The British elites, including Foreign Secretary Arthur Balfour , also believed that Jews could never be assimilated in British society and it was better for them to emigrate. It is telling that the only Jewish member of Prime Minister David Lloyd George's government, Edwin Montagu, vehemently opposed the Balfour Declaration. He argued that it would encourage states to expel its Jews. "Palestine will become the world's ghetto," he warned.

This turned out to be the case after World War II when hundreds of thousands of Jewish refugees, many rendered stateless, had nowhere to go but Palestine. Often, their communities had been destroyed during the war or their homes and land had been confiscated. Those Jews who returned to countries like Poland found they had nowhere to live and were often victims of discrimination as well as postwar anti-Semitic attacks and even massacres.

The European powers dealt with the Jewish refugee crisis by shipping victims of the Holocaust to the Middle East. So, while leading Zionists understood that they had to uproot and displace Arabs to establish a homeland, they were also acutely aware that they were not wanted in the countries from which they had fled or been expelled. The Zionists and their supporters may have mouthed slogans such as "a land without a people for a people without a land" in speaking of Palestine, but, as the political philosopher Hannah Arendt observed, European powers were attempting to deal with the crime carried out against Jews in Europe by committing another crime, one against Palestinians. It was a recipe for endless conflict, especially since giving the Palestinians under occupation full democratic rights would risk loss of control of Israel by the Jews.

Ze'ev Jabotinsky, the godfather of the right-wing ideology that has dominated Israel since 1977, an ideology openly embraced by Prime Ministers Menachem Begin, Yitzhak Shamir, Ariel Sharon, Ehud Olmert and Benjamin Netanyahu, wrote bluntly in 1923: "Every native population in the world resists colonists as long as it has the slightest hope of being able to rid itself of the danger of being colonized. That is what the Arabs in Palestine are doing, and what they will persist in doing as long as there remains a solitary spark of hope that they will be able to prevent the transformation of 'Palestine' into the 'Land of Israel.' "

This kind of public honesty, Khalidi notes, was rare among leading Zionists. Most of the Zionist leaders "protested the innocent purity of their aims and deceived their Western listeners, and perhaps themselves, with fairy tales about their benign intentions toward the Arab inhabitants of Palestine," he writes. The Zionists -- in a situation similar to that of today's supporters of Israel -- were aware it would be fatal to acknowledge that the creation of a Jewish homeland required the expulsion of the Arab majority. Such an admission would cause the colonizers to lose the world's sympathy. But among themselves the Zionists clearly understood that the use of armed force against the Arab majority was essential for the colonial project to succeed. "Zionist colonization can proceed and develop only under the protection of a power that is independent of the native population -- behind an iron wall, which the native population cannot breach," Jabotinsky wrote.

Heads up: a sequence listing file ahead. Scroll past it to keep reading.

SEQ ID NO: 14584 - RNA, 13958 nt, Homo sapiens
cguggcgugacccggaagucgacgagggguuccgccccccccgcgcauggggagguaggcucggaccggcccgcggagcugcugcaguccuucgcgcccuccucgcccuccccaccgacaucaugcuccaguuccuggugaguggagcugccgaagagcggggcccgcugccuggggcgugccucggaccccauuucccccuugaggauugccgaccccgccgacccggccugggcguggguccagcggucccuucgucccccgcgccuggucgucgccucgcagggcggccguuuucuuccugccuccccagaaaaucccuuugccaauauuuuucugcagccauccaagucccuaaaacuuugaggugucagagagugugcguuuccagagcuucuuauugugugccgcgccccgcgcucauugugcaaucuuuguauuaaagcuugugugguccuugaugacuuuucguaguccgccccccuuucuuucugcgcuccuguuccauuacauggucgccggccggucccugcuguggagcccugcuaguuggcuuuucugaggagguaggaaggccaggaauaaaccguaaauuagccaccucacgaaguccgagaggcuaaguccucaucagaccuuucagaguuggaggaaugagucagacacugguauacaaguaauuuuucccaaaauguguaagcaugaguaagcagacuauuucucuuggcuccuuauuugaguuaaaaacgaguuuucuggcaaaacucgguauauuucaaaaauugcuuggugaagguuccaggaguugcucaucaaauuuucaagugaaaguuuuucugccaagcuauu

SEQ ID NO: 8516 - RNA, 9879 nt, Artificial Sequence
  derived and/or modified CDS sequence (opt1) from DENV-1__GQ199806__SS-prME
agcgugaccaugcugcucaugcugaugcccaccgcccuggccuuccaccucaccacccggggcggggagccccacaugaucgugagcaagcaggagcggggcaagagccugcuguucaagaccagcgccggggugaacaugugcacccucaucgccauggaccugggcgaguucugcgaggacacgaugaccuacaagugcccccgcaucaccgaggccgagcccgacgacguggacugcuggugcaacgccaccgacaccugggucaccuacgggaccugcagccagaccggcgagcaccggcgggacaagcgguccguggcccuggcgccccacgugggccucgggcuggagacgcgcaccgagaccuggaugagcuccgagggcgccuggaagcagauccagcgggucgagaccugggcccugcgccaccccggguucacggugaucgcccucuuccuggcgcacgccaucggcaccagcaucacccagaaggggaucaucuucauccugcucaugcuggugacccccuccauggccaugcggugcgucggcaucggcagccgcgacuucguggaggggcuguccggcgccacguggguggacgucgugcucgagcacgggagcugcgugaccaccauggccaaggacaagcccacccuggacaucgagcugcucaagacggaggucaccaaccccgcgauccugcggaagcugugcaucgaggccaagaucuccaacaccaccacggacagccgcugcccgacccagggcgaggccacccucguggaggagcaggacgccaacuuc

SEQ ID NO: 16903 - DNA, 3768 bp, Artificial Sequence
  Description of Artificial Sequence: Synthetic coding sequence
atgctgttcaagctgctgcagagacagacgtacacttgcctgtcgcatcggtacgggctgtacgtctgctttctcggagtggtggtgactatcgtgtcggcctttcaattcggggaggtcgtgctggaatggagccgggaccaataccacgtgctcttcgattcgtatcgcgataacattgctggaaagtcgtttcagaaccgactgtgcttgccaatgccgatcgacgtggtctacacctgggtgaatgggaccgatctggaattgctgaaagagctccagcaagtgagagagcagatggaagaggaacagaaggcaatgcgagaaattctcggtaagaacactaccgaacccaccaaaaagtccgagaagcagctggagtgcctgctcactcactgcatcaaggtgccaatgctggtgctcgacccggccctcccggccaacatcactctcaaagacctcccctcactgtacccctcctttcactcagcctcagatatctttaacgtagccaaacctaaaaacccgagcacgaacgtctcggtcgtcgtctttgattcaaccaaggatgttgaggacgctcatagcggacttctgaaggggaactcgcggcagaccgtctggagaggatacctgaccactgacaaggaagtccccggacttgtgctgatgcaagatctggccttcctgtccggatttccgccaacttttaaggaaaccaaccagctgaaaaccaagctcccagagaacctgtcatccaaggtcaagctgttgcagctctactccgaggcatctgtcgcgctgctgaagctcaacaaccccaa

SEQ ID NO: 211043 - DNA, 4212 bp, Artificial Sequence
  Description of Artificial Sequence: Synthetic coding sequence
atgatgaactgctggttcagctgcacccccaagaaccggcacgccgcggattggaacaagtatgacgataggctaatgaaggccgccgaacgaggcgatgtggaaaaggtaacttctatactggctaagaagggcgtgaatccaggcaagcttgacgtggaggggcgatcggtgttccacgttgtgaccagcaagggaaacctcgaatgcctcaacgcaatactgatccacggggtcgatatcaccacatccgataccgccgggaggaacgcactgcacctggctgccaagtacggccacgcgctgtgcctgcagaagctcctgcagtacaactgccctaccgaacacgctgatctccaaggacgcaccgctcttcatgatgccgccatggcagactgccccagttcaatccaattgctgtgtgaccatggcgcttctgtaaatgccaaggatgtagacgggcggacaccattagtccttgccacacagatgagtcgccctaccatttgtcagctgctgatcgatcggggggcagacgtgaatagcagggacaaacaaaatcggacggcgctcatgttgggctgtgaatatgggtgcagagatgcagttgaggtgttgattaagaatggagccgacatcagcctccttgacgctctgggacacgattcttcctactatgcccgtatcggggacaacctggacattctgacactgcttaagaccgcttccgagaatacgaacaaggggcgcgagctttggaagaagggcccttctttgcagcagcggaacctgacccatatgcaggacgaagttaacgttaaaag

The Jewish colonizers knew they needed an imperial patron to succeed and survive. Their first patron was Britain, which sent 100,000 troops to crush the Palestinian revolt of the 1930s and armed and trained Jewish militias known as the Haganah. The savage repression of that revolt included wholesale executions and aerial bombardment and left 10% of the adult male Arab population killed, wounded, imprisoned or exiled. The Zionists' second patron became the United States, which now, generations later, provides more than $3 billion a year to Israel. Israel, despite the myth of self-reliance it peddles about itself, would not be able to maintain its Palestinian colonies but for its imperial benefactors. This is why the boycott, divestment and sanctions movement frightens Israel. It is also why I support the BDS movement.

The early Zionists bought up huge tracts of fertile Palestinian land and drove out the indigenous inhabitants. They subsidized European Jewish settlers sent to Palestine, where 94% of the inhabitants were Arabs. They created organizations such as the Jewish Colonization Association, later called the Palestine Jewish Colonization Association, to administer the Zionist project.

But, as Khalidi writes, "once colonialism took on a bad odor in the post-World War II era of decolonization, the colonial origins and practice of Zionism and Israel were whitewashed and conveniently forgotten in Israel and the West. In fact, Zionism -- for two decades the coddled step-child of British colonialism -- rebranded itself as an anticolonial movement."